The Guardian has an excellent and disturbing take on the crash of Nasdaq’s systems on Thursday:

A series of system crashes affecting Google, Amazon, Apple and Microsoft in the past fortnight has brought warnings that governments, banks and big business are over-reliant on computer networks that have become too complex…

Jaron Lanier, the author and inventor of the concept of virtual reality, warned that digital infrastructure was moving beyond human control. He said: “When you try to achieve great scale with automation and the automation exceeds the boundaries of human oversight, there is going to be failure. That goes for governments, for consumer companies, for Google, or a big insurance company. It is infuriating because it is driven by unreasonable greed. In many cases, the systems that tend to fail, fail because of an attempt to make them run automatically with a minimal amount of human oversight.”…

“These outages are absolutely going to continue,” said Neil MacDonald, a fellow at technology research firm Gartner. “There has been an explosion in data across all types of enterprises. The complexity of the systems created to support big data is beyond the understanding of a single person and they also fail in ways that are beyond the comprehension of a single person.”

That’s a good second-day story.

The Wall Street Journal takes a look at the continuing disaster unfolding at Eddie Lampert’s Sears:

The damage has a number of causes, former Sears executives and employees said. Sears disrupted a key relationship with Whirlpool Corp. WHR -1.87% that had underpinned the business for decades. Key management positions turned over frequently. Decaying stores that kept customers away hurt appliance departments as well. Executives focused on technological gimmicks like giving sales associates iPads that proved more frustrating than useful. Meanwhile, competitors were building up their appliance businesses.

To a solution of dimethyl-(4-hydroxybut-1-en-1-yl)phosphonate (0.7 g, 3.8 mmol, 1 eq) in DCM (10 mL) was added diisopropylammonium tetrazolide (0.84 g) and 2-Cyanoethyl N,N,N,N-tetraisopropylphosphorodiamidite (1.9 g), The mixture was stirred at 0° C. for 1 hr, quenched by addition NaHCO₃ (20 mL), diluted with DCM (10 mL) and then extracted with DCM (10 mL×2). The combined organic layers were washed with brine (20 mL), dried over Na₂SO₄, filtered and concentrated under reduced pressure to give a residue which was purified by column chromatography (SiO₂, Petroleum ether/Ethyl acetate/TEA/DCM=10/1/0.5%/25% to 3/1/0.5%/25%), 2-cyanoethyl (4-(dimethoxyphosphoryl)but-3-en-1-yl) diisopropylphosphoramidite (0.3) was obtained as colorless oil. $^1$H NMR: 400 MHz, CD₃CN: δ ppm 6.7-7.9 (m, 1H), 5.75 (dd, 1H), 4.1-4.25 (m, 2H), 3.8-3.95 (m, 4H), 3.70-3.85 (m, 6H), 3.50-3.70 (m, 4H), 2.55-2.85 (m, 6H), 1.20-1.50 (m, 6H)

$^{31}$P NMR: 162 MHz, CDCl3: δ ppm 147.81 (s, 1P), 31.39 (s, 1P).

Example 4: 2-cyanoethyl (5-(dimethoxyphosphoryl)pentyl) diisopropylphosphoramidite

As recently as 2002, Sears sold four of every 10 major appliances in the U.S., far outpacing its rivals. Its closest competitor, Lowe’s, held a 10% market share, and Home Depot held only 4%, according to Stevenson data.

The WSJ pins most of the blame on Sears ending its Kenmore-manufacturing relationship with Whirlpool in favor of LG Electronics, whose new Kenmore appliances “lacked many of the bells and whistles for which the brand was known.”

Maybe so, but that happened in 2009, and the WSJ’s own chart shows that almost all of the decline in market share happened before 2008:

— My old pal Joe Hagan has some excellent reporting for New York on the new regime at The New York Times Company, where he finds contrasting visions of the future at the top and blurred lines on responsibilities. Much of the tension comes from scandal-plagued CEO Mark Thompson’s encroachment on the newsroom.

…The role of “visionary” at the paper, traditionally held by the news chief, was now being ceded to Thompson. And in recent months, say several Times sources, Abramson has chafed at some of Thompson’s moves as he redirects company resources to projects of ambiguous design, including an aggressive video unit run by a former AOL/Huffington Post executive who sits among news editors but reports to the corporate side of the Times…
Thompson is from a press culture where the line between news and business has never been particularly sacred, and he saw himself as a new kind of fusion executive…
In place of the 30 reporters and editors who left last winter, the Times is hiring ­dozens of videographers to create new ­content for the paper’s website. And in February, it was Thompson who hired a general manager of video production, Rebecca Howard of AOL and the Huffington Post, to oversee the new video push. Though she was billed as part of a “video-journalism” effort, Howard is a business executive with an office in the editorial suites. When it was announced that the video unit would be reporting to the corporate side of the paper, “Jill was clearly shaken by it,” says a person who was in meetings with her…
Thompson meets regularly with reporters and editors, but he is still a mystery. “There wasn’t a grand plan,” says one reporter who heard him out. “Maybe there isn’t a grand plan. Sell tchotchkes, do this, do that. You could reasonably infer what he’s talking about is chipping away at that wall between business and news.”

You know what? I want to read the NYT. I don’t want to watch it. It’s fine to create new businesses, of course, particularly if they bring in new profits. But taking resources away from the core business is a really bad move.

There’s much more in the piece. Read the whole thing.

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Ryan Chittum is a former Wall Street Journal reporter, and deputy editor of The Audit, CJR's business section. If you see notable business journalism, give him a heads-up at rc2538@columbia.edu. Follow him on Twitter at @ryanchittum.